The SBA and lenders originated over 11.7 million loans totaling nearly $800 billion in relief to over 8.5 million small businesses. Now they have made it easier to get forgiveness of PPP loans of $150,000 or less. The SBA has launched a portal to allow borrowers in this category to apply for forgiveness directly through the SBA, instead of through their lenders. Ninety percent of loans fit this criterion, but nearly 7 million of those loans have yet to be forgiven, the SBA noted.
The new Direct Forgiveness Portal began accepting applications on August 4th. The catch? Lenders have to opt-in for their borrowers to use the portal. The good news is that, so far, over 600 banks have opted into direct forgiveness, enabling over 2.17 million borrowers to apply through the portal. News reports, however, say that some big banks are not opting in and will continue their loan forgiveness procedures.
The Forgiveness Process
After a borrower registers, the portal allows taxpayers to look up their loan, and loan information is automatically populated into the forgiveness application. A User Guide explains the process. The applicant must provide responses to a few questions, such as gross receipts for 2019 and 2020, the number of employees when the borrower applied for the loan and at the time of the forgiveness request, and the amount of the loan spent on payroll. Some second draw loans may require limited document submissions.
Once the application is submitted, borrowers can follow the status through the portal. Approval of the application will be confirmed in a letter on the portal. Borrowers must retain employment records for four years after submission of the forgiveness application. For loans over $150,000, employment records must be retained for six years from the date the loan is forgiven or repaid in full.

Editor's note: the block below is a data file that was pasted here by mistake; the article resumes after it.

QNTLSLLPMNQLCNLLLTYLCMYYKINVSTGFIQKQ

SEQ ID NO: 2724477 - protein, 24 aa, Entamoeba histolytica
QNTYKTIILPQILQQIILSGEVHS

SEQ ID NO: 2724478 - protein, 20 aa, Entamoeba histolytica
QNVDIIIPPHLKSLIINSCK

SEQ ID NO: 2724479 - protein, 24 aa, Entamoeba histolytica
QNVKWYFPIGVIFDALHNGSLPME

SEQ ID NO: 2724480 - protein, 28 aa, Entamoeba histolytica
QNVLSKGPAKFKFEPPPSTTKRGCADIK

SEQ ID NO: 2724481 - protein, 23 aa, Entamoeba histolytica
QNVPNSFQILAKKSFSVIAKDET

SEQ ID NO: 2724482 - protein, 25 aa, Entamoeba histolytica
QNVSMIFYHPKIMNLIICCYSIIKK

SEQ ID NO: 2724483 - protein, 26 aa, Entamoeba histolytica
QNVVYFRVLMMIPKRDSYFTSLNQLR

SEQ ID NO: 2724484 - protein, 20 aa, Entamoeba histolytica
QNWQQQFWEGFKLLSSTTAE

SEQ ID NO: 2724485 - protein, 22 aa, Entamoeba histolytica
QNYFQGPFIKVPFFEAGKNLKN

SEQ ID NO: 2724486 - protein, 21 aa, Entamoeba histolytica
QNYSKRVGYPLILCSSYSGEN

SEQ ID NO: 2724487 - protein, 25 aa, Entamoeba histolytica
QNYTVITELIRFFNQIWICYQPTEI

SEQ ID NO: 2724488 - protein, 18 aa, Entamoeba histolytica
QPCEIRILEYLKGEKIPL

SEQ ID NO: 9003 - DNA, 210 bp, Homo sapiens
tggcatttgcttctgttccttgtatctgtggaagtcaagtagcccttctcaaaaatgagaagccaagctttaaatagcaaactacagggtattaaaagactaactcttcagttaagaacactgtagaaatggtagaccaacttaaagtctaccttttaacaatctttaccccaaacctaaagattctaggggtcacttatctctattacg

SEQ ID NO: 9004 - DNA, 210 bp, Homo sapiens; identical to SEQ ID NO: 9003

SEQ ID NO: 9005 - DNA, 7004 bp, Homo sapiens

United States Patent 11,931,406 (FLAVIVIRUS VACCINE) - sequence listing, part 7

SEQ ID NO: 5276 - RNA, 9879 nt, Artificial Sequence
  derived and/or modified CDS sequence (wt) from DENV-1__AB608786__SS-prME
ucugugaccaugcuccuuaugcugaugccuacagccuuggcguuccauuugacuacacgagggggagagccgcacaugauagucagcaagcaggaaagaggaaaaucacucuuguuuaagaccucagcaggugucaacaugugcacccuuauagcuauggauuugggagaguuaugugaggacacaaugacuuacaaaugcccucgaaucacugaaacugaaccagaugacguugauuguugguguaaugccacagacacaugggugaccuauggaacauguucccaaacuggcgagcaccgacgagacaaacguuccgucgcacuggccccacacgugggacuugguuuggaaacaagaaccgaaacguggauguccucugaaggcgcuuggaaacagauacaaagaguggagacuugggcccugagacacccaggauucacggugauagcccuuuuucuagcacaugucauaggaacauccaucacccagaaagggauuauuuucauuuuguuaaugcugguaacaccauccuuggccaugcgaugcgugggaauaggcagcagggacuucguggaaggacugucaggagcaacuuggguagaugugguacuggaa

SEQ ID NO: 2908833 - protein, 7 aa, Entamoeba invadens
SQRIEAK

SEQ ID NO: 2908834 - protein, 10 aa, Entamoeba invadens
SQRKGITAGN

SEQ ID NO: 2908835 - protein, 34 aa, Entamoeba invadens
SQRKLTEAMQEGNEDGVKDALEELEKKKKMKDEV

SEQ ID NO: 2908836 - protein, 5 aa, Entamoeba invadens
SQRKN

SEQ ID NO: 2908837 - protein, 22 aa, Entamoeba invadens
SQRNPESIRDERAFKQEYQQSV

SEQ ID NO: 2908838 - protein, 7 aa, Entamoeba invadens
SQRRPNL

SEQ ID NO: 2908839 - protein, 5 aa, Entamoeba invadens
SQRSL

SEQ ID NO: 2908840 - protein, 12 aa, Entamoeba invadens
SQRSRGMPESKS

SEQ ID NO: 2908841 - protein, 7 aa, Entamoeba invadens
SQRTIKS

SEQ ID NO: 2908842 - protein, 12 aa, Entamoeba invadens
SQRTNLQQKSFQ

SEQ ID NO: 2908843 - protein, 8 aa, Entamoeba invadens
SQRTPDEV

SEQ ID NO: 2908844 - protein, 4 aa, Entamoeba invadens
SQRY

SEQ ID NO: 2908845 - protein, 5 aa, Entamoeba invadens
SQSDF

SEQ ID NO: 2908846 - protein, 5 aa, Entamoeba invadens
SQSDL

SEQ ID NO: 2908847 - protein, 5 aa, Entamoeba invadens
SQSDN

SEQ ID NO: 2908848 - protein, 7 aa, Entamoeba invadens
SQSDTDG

Loan Necessity Requirements Dropped
In updated FAQs, the SBA indicated that it removed the requirement that borrowers with loans over $2 million had to submit a Loan Necessity Questionnaire, either SBA Form 3509 (for-profits) or Form 3510 (non-profits). Last Fall, the AICPA sent a letter to SBA calling for the suspension of the questionnaires because they required “extensive, burdensome documentation.”
In all, SBA received 61 public comments regarding the Loan Necessity Questionnaires, and the majority of the comments raised objections. Based on the results of loan reviews, the SBA says it believes audit resources will be more efficiently “deployed across all loans” if the questionnaires are discontinued. SBA explains that the loan necessity reviews have caused delays beyond the 90-day statutory timeline for forgiveness, thus negatively impacting those borrowers that made their loan necessity certification in good faith. For these reasons, SBA is discontinuing any reliance on the Loan Necessity Questionnaires.
As previously mentioned, the SBA and lenders originated over 11.7 million loans totaling nearly $800 billion in relief to over 8.5 million small businesses. In 2021:
- SBA approved over 6.5 million loans totaling over $275 billion.
- The average loan size was approximately $42,000 (compared to $101,000 in 2020)
- 96% of loans went to businesses with fewer than 20 employees (compared to 87% in 2020).
- 32% of loans went to businesses in low- and moderate-income communities (compared to just 24% in 2020)
SBA continues to listen to borrowers and adjust its PPP program accordingly. The agency’s latest adjustments should make the forgiveness process quicker and easier, allowing businesses to focus on their operations instead of complicated government compliance procedures.